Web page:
- Cookbook repo credentials
- Workflow repo credentials
- Any stored OAuth secret
- User password verifier (we store a verifier, not the actual password)
- Cloud credentials (those used to access the cloud endpoint API)
- For AWS this is the Access Key ID, Secret Access Key, account number, EC2 cert, and EC2 key
- For other clouds, the specific credentials used to access the API endpoint
- Content of gateway events and event failures (e.g., the raw responses from cloud list calls)
- Admin password that is set for the instance at launch. This value MAY or MAY NOT exist, it depends on the features of the specific cloud.
Non-database Data Protection for Non-Cloud systems
Critical data that is on non-cloud systems and not stored in databases is protected using one of the following mechanisms:
- Full Disk Encryption
- File/Folder level encryption
- PEM file with passphrase
Customer information is kept for its useful life. The type of data determines the retention period. For example, when users change their password, the validator that was previously stored is no longer available, and cannot be recovered. RightScale will honor any requests to terminate, return or securely delete any client-specific intellectual property assets as required. The details of this policy are documented in the Data Retention Policy.
Securing Cloud API Endpoints
The terms Secure Socket Layer (SSL) and Transport Layer Security (TLS) are often used interchangeably. In fact, SSL v3.1 is equivalent to TLS v1.0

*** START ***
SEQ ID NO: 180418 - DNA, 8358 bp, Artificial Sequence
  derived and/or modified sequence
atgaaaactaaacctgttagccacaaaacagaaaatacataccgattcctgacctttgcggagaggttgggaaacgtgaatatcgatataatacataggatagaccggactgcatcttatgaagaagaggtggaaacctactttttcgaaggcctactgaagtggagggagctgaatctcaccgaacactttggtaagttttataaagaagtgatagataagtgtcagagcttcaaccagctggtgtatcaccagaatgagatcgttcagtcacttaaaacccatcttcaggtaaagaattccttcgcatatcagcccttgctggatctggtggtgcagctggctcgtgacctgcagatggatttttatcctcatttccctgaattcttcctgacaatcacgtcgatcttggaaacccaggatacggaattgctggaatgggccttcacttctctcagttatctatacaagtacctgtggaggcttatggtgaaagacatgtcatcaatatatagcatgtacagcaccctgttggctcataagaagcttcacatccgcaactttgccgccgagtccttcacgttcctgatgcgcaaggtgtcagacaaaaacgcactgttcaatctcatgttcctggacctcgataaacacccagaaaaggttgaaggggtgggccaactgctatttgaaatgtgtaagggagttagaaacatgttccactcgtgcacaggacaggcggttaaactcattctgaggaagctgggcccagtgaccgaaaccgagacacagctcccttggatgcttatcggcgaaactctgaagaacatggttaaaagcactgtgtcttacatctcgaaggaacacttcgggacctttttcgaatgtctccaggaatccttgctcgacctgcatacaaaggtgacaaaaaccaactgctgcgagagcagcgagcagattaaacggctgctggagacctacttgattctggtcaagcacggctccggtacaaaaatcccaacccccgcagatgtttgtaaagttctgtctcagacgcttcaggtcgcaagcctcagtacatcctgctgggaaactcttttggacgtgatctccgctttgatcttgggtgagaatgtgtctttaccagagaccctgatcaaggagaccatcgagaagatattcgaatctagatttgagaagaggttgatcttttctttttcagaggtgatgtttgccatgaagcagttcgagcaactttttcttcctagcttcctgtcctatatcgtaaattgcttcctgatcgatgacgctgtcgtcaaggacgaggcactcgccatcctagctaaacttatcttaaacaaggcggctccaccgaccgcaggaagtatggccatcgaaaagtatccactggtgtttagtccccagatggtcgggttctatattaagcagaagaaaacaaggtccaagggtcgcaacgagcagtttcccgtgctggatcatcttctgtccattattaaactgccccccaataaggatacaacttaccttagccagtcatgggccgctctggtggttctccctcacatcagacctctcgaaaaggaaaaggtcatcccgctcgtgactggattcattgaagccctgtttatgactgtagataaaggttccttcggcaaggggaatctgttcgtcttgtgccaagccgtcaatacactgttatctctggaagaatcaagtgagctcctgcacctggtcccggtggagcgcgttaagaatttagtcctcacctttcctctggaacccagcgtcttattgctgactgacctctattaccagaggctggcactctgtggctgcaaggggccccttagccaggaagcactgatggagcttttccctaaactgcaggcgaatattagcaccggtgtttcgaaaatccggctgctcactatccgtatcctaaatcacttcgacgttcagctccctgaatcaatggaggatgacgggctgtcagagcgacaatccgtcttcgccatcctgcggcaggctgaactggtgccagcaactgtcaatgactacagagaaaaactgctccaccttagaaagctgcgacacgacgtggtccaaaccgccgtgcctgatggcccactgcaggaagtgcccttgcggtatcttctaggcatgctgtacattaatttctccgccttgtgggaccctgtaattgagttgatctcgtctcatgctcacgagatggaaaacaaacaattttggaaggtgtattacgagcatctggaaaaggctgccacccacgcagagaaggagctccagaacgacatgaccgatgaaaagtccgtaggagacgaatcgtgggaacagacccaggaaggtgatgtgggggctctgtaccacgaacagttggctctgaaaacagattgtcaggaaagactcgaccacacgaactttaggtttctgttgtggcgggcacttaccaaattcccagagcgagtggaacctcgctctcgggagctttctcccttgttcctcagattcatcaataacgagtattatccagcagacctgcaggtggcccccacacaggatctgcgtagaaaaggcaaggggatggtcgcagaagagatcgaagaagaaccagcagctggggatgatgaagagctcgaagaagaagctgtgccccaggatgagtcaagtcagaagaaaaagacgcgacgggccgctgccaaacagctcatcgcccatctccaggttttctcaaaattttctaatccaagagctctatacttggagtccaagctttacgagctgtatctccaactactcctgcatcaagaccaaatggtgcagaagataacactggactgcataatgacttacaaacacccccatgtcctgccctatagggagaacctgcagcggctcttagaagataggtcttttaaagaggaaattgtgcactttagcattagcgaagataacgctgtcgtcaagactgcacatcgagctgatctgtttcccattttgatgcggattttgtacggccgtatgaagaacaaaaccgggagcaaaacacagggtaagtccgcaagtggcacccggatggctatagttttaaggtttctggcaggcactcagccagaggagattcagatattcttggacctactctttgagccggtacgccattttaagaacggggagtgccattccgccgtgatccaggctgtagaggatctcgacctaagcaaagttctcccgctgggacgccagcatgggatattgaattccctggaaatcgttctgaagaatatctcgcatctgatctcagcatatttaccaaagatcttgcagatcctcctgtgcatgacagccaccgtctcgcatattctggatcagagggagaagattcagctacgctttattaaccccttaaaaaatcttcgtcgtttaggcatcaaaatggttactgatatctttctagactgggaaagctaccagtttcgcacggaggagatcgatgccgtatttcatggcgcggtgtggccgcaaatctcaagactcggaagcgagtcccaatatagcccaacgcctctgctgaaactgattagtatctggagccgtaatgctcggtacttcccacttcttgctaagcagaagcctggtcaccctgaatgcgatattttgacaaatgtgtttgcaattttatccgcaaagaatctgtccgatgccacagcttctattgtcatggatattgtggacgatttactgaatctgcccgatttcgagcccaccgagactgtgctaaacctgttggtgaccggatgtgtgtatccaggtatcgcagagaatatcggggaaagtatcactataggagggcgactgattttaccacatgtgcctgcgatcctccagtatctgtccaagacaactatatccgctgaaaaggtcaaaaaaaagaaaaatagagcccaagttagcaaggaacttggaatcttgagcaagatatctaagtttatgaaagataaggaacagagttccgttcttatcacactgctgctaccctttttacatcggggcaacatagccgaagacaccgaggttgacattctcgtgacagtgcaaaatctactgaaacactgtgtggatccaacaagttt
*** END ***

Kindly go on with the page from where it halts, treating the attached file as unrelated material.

- Use SSL (actually TLS v1.2 or greater) on the API endpoint.
- Do not use SSL v2, as it has know weaknesses
- SSL v3 and TLS v1 have recently been shown to have potential flaws, thus the use of TLS v1.2 or above is encouraged
- Caveat: While this is true, the reality is that until OpenSSL GA's a version that supports TLS greather than version 1.0, it is not always practical. Support for TLS v1.2 is encouraged. If you cannot support TLS v1.2, then support of SSLv3 and TLS1.0 is acceptable with a road map item to TLS v1.2 when possible.
- Implement the following SSL/TLS configuration settings when selecting cipher suites:
- Use AES, 3DES for encryption
- Use key lengths of 2048 or greater
- Use cipher block chaining (CBC) mode
- Use SHA1 for digest (note that MD5 may be used within the TLS protocol, but not the SSL protocol)
- TLS usage of MD5 does not expose the TLS protocol to any of the weaknesses of the MD5 algorithm (see FIPS 140-2 IG). However, MD5 must never be used outside of TLS protocol (e.g. for general hashing).
- Do not provide support for NULL cipher suites
- Support ephemeral Diffie-Hellman key exchange (do not provide support for anonymous Diffie-Hellman)
- Use of Ephemeral Diffie-Hellman key exchange will protect confidentiality of the transmitted plaintext data even if the corresponding RSA or DSS server private key is compromised. An attacker would have to perform active man-in-the-middle attack at the time of the key exchange to be able to extract the transmitted plaintext.
- Disable support for TLS renegotiations or support only renegotiations compliant with RFC 5746
- Install a valid certificate
- Valid certificates (that is, certificates signed by a trusted Certificate Authority (CA)) can be obtained for a very low cost from providers such as GoDaddy or RapidSSL.